Today’s entry is courtesy of Hannah Bottomley from Simon Fraser University, who has recently co-authored a paper on today’s subjects. We’ve Hannah to thank for the write-up and thermographic images and Stephen Takács for the conventional photographs. Hannah writes:
Pinus monticola (western white pine) cones glow warmly in contrast to cool conifer needles in the infrared spectrum (top right; bottom left). Cones can be up to 15˚C warmer than needles (as indicated by the temperature bar on the right) and emit significantly stronger infrared radiation. Infrared radiation is a type of electromagnetic radiation that the human eye is unable to perceive; it has longer wavelengths than visible light (380-750 nanometres), but shorter wavelengths than microwaves (1 millimetre to 1 metre).
These thermographic images of Pinus monticola cones were taken with an infrared camera, exposing a previously unknown way in which insects are able to hone in on their host plant. Recent research by Takács and his colleagues reveals that Leptoglossus occidentalis (western conifer seed bug) has infrared receptors and is able to exploit the difference between cones and needles in the infrared spectrum, and zero in on cone-laden conifers from afar. This insect is a specialist herbivore that feeds on the contents of developing conifer seeds; in the second photo, it can be seen feeding on a Pinus monticola cone.
This phenomenon of warm cones is not limited to Pinus monticola – it has also been observed in Pinus contorta var. latifolia (lodgepole pine), Pseudotsuga menziesii (Douglas-fir), Picea engelmannii (Engelmann spruce) and Larix occidentalis (western larch). It is attributed in part to the fact that larger objects retain more heat than smaller objects, as well as to the tendency of a cone’s surface to reflect solar radiation. In all likelihood, seed development (and associated metabolic activity) is also generating warmth, contributing to the relatively high temperature of conifer cones.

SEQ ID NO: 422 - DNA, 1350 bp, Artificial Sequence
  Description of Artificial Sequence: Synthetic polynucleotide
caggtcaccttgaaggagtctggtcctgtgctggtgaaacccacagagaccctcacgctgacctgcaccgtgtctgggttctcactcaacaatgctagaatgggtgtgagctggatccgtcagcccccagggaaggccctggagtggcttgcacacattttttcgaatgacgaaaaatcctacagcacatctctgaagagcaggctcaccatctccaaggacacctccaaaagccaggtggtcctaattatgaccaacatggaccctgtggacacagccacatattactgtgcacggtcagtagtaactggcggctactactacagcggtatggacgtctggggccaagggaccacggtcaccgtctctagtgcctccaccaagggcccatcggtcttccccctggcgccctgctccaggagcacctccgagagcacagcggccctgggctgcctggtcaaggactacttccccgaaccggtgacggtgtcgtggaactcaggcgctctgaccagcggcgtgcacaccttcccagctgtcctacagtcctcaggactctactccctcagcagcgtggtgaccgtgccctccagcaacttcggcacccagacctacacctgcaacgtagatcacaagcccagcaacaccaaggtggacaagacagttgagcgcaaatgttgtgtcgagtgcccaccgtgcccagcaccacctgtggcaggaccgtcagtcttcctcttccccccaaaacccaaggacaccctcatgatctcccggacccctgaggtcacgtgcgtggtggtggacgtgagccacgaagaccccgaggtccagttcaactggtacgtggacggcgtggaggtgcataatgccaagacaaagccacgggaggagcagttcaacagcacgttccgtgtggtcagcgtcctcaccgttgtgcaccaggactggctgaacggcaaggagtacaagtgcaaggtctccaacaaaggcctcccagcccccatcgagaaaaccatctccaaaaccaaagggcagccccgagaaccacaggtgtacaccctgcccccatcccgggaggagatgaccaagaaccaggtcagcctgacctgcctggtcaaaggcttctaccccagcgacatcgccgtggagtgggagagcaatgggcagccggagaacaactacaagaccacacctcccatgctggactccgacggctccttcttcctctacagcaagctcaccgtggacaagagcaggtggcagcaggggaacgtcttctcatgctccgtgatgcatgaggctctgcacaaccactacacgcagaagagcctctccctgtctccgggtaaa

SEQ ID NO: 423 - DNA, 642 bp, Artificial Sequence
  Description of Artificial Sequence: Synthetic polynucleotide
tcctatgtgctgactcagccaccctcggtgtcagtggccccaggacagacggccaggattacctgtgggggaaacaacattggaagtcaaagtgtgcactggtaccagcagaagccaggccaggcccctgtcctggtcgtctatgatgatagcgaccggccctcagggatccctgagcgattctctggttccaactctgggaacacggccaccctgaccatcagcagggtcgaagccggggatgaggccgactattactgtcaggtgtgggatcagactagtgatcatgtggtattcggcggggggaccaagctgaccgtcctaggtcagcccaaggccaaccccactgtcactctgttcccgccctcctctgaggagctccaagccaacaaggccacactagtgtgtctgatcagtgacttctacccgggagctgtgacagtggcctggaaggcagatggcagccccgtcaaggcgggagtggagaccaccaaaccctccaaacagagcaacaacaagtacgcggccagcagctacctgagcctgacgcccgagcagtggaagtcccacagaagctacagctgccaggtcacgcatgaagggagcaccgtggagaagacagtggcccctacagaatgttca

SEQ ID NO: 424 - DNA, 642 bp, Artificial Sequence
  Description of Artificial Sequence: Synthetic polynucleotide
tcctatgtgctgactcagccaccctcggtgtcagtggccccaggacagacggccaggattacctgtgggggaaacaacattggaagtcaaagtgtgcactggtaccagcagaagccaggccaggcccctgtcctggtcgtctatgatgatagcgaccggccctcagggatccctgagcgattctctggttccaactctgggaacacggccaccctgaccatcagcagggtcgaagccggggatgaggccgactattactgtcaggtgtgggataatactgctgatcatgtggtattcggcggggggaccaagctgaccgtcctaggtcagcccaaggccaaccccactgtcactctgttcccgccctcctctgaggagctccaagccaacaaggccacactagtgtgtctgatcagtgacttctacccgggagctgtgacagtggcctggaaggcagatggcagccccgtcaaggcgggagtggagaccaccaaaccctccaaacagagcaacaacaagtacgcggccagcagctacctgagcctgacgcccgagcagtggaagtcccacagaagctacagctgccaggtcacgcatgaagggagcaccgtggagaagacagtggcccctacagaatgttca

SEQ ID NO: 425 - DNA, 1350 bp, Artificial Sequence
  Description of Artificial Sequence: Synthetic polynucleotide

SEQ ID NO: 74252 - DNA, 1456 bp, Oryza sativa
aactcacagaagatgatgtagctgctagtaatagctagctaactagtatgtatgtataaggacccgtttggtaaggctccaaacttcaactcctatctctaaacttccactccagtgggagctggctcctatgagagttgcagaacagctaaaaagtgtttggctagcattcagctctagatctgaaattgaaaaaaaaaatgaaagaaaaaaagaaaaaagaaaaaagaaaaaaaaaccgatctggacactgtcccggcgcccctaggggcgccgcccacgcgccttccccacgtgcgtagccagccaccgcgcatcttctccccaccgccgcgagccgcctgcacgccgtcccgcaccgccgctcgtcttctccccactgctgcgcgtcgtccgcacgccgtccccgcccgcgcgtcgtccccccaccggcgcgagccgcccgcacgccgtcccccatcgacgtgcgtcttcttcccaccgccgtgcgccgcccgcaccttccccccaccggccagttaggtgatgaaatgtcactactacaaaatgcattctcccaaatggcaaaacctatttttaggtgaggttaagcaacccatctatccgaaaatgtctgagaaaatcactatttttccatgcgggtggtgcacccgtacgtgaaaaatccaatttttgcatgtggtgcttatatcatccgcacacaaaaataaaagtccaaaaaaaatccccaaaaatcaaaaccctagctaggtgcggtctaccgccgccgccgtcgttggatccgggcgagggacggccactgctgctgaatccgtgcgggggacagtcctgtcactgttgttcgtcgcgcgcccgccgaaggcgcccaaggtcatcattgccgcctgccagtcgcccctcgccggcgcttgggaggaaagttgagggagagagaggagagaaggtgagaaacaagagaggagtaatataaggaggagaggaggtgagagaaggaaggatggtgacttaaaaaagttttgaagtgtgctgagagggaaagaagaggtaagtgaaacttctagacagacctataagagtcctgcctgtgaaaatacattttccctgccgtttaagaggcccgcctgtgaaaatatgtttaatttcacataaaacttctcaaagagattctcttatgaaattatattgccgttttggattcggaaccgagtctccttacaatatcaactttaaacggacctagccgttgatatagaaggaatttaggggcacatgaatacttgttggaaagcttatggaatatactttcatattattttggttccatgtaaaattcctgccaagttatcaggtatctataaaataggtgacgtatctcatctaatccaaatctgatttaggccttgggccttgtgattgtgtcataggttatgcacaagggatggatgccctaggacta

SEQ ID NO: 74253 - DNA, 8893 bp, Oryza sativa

Although there are a few recognized infrared-detecting insects, this is the first study to show that herbivorous insects are using infrared emission from a specific part of a live plant as a foraging cue. This research is yet another testament to the complexity of plant-insect interactions and reminds us that there is a world of nature that exists beyond our own perception.
Daniel adds: For a popular summary of the paper, see “Heat Sensors Guide Insects to a Hot Meal” from ScienceNews. To view the scientific paper, see: Takács, S. et al. 2008. Infrared radiation from hot cones on cool conifers attracts seed-feeding insects. Proceedings of The Royal Society B. 276(1657):649-655. doi: 10.1098/rspb.2008.0742. For those of you who are particularly keen, I note that mast-seeding is mentioned in the abstract as a hypothesized method of producing a cone-crop large enough to exceed the capabilities of the insect herbivores to eat them all.
Horticulture / Garden Design link: Les jardins de Quatre-Vents, a garden I first learned about yesterday from the guide (thank you, Luana!) at Montréal Botanical Garden. Here are some photographs of the landscape and the plants. Virtual tours (in English) are available here: Virtual Tours of Les jardins de Quatre-Vents.